April 13, 2017 (Vol. 6, Issue 13)

This Edition

  • The Budget
  • Finis 

The Budget

It’s a short week in Austin – both chambers will observe Good Friday, as will the Capitol Update team. In this edition, we’ll share documents and information about the proposed House and Senate budgets, as we promised last week. 

First, let’s hop in our DeLorean and go back in time. During the 84th legislative session in 2015, HB 1 (general appropriations) provided funding for the 2016-17 biennium. Community college funding falls under Article 3. Overall, $1.745 billion in instructional funds was allocated for all of our state’s two-year colleges; that figure included $50 million in core operations, $169.2 million in success points and $1.52 billion in contact-hour funding. In 2015, the House bill was the lead appropriations bill. Following tradition, this year the Senate bill will be the lead appropriations bill. In 2015, DCCCD was appropriated a total of $170,455,213. This amount does not reflect special-items funding like Starlink and Small Business Development Centers.   

This year, during the 85th legislative session, both chambers have passed their versions of an “ideal” 2018-2019 biennium budget. How much are they spending and where is it going? For a Senate summary, please click here. For a House summary, please look here. In response to 2018-2019 instructional funding for community colleges, the Senate version appropriates $1.779 billion; the House budget appropriates $1.755 billion. 

First, here’s what the House budget means for our district: biennium instructional funds allocated for DCCCD total $172,064,027. The House budget also allocates funding for Starlink ($585,876) and Small Business Development Centers ($3,270,770), for a grand total of $175,920,673. 

In the Senate version, biennium instructional funds allocated for DCCCD total $176,085,148. The budget allocates money for core operations, student success and contact-hour funding. The Senate budget added dollars for instructional funding, but it does not appropriate dollars specifically for special items such as Starlink or Small Business Development Centers.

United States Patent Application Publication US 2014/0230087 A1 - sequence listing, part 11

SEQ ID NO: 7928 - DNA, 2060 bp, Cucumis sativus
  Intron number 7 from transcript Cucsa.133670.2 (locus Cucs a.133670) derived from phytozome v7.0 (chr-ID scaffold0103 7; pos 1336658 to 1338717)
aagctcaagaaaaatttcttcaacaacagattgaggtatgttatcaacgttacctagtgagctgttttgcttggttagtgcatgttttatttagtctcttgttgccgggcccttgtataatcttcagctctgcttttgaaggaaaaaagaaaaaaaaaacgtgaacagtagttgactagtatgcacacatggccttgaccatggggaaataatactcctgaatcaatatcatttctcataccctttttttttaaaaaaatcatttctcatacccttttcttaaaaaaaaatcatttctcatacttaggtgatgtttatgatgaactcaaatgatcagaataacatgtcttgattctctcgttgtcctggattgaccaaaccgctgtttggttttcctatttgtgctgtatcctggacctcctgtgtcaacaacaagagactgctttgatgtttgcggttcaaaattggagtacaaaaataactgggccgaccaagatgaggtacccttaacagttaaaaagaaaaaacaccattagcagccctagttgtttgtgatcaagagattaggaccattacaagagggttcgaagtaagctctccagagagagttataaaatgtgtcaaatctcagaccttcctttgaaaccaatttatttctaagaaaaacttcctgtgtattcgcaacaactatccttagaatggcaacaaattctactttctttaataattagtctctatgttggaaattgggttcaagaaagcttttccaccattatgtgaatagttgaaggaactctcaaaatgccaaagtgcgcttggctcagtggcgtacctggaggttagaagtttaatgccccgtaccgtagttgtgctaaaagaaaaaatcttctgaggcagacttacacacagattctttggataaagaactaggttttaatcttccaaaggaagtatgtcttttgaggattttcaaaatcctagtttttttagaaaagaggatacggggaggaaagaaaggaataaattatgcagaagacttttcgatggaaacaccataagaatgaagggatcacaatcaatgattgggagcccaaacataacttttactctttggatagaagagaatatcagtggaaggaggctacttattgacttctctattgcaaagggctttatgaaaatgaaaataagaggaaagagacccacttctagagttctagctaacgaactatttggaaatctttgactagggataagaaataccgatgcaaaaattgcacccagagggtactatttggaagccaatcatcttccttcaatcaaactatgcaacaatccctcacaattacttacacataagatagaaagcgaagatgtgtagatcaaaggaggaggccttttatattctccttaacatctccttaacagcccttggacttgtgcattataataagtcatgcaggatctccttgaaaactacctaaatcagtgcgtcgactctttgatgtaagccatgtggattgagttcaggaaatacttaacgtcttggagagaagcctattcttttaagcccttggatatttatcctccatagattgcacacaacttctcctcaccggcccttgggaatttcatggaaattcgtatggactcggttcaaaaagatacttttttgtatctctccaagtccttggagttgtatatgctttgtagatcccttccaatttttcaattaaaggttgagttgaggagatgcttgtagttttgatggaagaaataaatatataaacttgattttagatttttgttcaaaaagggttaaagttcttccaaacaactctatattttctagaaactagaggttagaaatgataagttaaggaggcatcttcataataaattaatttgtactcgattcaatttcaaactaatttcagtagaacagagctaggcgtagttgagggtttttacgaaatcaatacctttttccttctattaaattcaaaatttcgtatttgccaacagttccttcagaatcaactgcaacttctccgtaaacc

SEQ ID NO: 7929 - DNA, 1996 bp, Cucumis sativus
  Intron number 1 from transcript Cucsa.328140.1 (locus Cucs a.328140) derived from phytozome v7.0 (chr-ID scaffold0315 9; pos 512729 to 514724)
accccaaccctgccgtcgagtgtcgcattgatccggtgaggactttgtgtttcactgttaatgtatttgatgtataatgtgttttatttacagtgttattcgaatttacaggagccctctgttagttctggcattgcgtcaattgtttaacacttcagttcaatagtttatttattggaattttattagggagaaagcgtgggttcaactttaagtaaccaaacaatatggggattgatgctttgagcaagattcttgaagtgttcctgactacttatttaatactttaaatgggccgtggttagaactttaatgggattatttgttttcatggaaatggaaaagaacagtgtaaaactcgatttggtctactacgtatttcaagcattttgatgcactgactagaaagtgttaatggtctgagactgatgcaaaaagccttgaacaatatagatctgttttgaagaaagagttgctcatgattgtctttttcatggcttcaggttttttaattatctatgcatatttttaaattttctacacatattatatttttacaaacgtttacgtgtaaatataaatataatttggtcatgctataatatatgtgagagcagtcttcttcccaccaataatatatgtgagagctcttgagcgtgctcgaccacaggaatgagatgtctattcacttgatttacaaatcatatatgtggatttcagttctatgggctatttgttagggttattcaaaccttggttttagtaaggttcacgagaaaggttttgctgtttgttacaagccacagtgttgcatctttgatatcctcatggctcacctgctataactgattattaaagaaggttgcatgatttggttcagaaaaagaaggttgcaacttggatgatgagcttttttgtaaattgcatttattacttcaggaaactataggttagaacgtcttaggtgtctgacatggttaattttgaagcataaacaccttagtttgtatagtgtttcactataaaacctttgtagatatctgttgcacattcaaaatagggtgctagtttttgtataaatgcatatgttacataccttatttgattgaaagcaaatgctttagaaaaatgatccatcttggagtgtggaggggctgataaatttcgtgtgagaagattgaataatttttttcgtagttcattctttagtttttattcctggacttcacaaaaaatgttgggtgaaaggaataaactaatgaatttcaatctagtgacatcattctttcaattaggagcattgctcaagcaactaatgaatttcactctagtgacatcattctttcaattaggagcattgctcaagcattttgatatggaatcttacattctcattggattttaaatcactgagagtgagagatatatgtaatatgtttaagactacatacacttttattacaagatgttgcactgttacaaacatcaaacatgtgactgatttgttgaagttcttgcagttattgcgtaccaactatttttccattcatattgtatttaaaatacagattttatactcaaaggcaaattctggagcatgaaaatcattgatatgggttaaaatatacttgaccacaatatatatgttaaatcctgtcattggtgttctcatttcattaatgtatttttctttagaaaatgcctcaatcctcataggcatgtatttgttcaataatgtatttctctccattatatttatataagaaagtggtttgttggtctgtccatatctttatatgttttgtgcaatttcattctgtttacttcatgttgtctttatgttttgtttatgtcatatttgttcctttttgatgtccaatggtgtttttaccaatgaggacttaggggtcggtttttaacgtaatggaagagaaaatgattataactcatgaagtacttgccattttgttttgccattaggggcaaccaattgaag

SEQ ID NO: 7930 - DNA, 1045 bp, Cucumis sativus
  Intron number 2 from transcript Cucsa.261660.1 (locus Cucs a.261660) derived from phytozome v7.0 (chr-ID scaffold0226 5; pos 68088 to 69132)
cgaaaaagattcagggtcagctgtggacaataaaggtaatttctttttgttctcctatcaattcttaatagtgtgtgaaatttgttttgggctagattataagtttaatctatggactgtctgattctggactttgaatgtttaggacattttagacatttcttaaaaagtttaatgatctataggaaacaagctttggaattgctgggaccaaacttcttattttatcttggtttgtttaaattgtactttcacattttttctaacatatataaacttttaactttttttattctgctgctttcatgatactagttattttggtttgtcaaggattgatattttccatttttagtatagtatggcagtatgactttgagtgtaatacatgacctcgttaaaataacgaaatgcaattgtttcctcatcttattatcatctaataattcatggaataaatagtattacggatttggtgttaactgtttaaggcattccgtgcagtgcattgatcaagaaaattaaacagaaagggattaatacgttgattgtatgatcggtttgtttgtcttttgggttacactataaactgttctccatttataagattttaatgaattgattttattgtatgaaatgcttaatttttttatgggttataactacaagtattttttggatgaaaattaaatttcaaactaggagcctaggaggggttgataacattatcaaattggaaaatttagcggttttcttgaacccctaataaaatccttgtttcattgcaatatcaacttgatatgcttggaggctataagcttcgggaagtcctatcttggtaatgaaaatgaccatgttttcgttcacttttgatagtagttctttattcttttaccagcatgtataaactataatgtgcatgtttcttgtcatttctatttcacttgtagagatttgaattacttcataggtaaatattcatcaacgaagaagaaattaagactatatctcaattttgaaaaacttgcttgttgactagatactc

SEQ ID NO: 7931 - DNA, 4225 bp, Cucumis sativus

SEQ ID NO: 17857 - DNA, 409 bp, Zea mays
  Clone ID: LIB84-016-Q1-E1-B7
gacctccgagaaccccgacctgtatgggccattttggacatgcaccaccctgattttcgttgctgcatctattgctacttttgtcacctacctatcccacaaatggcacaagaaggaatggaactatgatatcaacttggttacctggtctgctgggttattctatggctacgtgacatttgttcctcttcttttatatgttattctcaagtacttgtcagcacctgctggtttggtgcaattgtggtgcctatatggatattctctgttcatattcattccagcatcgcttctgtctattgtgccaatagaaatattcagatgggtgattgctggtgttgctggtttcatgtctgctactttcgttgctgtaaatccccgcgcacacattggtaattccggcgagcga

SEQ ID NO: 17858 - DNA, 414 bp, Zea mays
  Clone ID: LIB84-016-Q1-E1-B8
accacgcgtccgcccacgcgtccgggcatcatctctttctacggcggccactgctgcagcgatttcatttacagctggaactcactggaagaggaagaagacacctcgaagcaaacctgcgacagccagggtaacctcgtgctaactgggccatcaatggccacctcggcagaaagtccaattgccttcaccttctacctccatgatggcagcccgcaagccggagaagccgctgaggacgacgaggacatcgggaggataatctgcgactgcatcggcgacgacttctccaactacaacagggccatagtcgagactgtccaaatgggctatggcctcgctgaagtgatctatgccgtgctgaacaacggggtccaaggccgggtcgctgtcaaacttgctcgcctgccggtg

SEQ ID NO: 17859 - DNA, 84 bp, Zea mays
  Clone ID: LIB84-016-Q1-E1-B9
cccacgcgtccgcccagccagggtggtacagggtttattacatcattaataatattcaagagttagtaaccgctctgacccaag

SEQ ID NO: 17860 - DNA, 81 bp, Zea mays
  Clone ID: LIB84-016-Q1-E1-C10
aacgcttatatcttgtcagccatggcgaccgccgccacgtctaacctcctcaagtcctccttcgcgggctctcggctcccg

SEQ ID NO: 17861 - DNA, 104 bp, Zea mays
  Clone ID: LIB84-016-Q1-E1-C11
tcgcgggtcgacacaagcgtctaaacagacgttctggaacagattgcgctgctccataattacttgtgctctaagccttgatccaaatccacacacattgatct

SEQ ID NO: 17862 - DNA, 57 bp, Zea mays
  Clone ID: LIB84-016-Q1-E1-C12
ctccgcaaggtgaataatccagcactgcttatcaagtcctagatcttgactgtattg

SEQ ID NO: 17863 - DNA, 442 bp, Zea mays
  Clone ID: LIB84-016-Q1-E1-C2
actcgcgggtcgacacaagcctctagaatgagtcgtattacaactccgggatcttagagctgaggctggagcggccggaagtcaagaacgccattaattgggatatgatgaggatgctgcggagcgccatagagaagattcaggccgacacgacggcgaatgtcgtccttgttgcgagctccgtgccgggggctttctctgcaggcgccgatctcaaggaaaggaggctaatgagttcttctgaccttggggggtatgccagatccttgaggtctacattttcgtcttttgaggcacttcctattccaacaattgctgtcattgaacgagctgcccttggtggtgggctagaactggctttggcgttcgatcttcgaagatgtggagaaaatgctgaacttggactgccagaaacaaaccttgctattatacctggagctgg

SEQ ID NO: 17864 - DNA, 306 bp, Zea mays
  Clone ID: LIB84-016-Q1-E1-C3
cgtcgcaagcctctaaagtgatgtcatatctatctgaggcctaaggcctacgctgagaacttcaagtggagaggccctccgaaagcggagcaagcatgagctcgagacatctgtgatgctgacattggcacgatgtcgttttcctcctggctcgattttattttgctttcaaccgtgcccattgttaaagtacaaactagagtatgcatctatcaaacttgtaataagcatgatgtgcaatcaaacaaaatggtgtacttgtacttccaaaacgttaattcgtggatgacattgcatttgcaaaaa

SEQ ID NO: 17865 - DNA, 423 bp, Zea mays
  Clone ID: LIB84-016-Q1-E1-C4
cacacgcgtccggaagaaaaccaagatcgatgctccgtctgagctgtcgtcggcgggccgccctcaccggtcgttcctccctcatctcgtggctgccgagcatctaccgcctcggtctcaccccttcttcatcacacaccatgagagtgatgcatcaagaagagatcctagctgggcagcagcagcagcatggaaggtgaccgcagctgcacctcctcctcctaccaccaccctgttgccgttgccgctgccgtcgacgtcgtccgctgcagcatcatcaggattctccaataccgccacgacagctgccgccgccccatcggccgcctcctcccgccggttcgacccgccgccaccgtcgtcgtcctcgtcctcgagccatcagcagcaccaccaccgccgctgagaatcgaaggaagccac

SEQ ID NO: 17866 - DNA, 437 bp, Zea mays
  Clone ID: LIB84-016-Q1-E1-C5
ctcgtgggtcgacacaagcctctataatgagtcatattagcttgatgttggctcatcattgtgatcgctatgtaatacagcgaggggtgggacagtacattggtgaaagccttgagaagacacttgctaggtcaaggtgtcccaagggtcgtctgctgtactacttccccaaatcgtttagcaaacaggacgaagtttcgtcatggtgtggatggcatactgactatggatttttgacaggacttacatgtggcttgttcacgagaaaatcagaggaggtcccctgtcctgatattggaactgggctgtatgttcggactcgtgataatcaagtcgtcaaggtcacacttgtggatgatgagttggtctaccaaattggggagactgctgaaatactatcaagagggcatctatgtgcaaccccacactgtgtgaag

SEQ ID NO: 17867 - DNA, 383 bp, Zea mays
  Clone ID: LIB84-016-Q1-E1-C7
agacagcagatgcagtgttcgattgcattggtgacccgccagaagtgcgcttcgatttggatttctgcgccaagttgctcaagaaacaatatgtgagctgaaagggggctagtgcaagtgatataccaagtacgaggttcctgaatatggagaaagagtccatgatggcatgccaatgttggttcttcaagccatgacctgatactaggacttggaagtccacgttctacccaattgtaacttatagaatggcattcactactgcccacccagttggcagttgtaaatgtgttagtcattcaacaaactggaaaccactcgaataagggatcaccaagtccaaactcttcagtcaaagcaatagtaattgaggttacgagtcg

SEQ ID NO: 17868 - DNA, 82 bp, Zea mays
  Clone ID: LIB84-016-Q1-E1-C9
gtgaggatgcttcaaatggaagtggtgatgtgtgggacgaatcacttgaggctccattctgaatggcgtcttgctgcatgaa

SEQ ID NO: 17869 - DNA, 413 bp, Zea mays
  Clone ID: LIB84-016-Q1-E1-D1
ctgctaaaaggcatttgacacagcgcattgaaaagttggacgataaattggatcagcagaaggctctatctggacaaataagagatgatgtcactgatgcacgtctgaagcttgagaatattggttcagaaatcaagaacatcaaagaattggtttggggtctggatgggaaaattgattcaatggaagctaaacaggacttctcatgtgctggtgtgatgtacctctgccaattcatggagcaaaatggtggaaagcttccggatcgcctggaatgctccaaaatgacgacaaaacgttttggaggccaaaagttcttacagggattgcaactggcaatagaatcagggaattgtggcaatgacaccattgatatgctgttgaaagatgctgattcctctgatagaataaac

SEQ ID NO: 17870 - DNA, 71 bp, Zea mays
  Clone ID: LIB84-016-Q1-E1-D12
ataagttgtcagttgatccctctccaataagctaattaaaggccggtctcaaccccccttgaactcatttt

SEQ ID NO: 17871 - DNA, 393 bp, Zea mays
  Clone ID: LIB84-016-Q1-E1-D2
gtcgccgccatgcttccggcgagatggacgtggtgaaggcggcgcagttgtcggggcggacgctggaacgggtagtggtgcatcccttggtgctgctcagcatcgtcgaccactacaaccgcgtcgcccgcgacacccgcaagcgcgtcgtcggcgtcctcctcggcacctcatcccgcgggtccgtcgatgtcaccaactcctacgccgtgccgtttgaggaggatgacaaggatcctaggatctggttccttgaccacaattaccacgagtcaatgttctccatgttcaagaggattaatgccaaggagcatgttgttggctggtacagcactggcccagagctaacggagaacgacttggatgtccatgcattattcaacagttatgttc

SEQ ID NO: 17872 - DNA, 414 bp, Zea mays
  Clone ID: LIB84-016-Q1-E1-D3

It’s important to note that the House budget taps into $2.5 billion of the Economic Stabilization Fund, better known as the Rainy Day Fund. The Senate budget does not touch the Rainy Day Fund, and it’s very likely there will be opposition from the Senate to do that. 

The next step is for both the House and Senate to resolves their differences. Each chamber will appoint members to a conference committee. The conferees will work to produce a final version of the budget bill that will be submitted to the House and Senate. Next week, we should learn who the conferees will be. We will post more information as it becomes available. 

Related links:

The Texas Budget Process: A Primer

Legislative Budget Board

Writing the State Budget 

Related articles:

Texas Comptroller Glenn Hegar pitches Rainy Day Fund overhaul (Texas Tribune)

Texas budget wish list: Big dreams, low expectations (Dallas Morning News)

Texas House approves its budget plan 131-16 after 15 hours of debate (Houston Chronicle)

The Bills

Listed below are bills of importance to DCCCD. We track these and other bills that may have an impact on our district during the legislative session. You can view those House and Senate bills by visiting our site

  • Funding for community colleges
    • We are seeking $1.834 billion in general revenue for core operations, student success and instruction for community colleges.
    • Our community colleges have grown 62 percent since 2000.
  • Early childhood education: Sen. West, SB 534; Rep. Giddings, HB 971
    • SB 534 has been referred to Higher Education Committee.
    • The Dallas County job market is experiencing a shortage of more than 4,000 early childhood educators.
    • The bill will offer the choice of a quality, affordable bachelor’s degree in early childhood education.
    • It supports the governor’s mission of a quality pre-kindergarten.
    • This goal can be achieved without adding a fiscal cost for the state.
  • Workforce development: “Recruit Texas” Rep. Alvarado, HB 108
    • On Thursday, March 23rd, it was heard in committee and left pending.
    • HB 108 has been referred to the Economic and Small Business Development Meeting.
    • We want to ensure that Texas remains competitive and is the #1 place for economic development and workforce training.
    • “Recruit Texas” redirects current funds within the Texas Workforce Commission.
    • The program can include assessment, employee recruitment, safety training and leadership development.
  • Small Business Development Centers (SBDCs)
    • For every $1 invested in TX SBDC, $5.85 in tax revenue is generated.
    • Statewide there are four SBDC lead offices, one is housed at the Dallas County Community College District.
    • SBDC conducts research, counsels and trains business people in managing, financing and operating small businesses.
    • SBDC plays a pivotal role in driving the Texas economy by creating jobs and generating revenue for the state. We believe in keeping the Texas economy strong by funding SBDC. 

Interested in learning more about other bills?...for example, the status of the Employees Retirement System of Texas and the Teacher Retirement System of Texas, SB 1750 and SB 1751? (Spoiler alert! So far, both bills have not been scheduled yet for a committee hearing.)  Visit our legislative bill tracker to learn the status of several bills. 

As always, please feel free to contact our office with any questions.


Tomorrow we are “officially” closed. Have fun, be safe and remember the tax deadline is upon us. Enough said!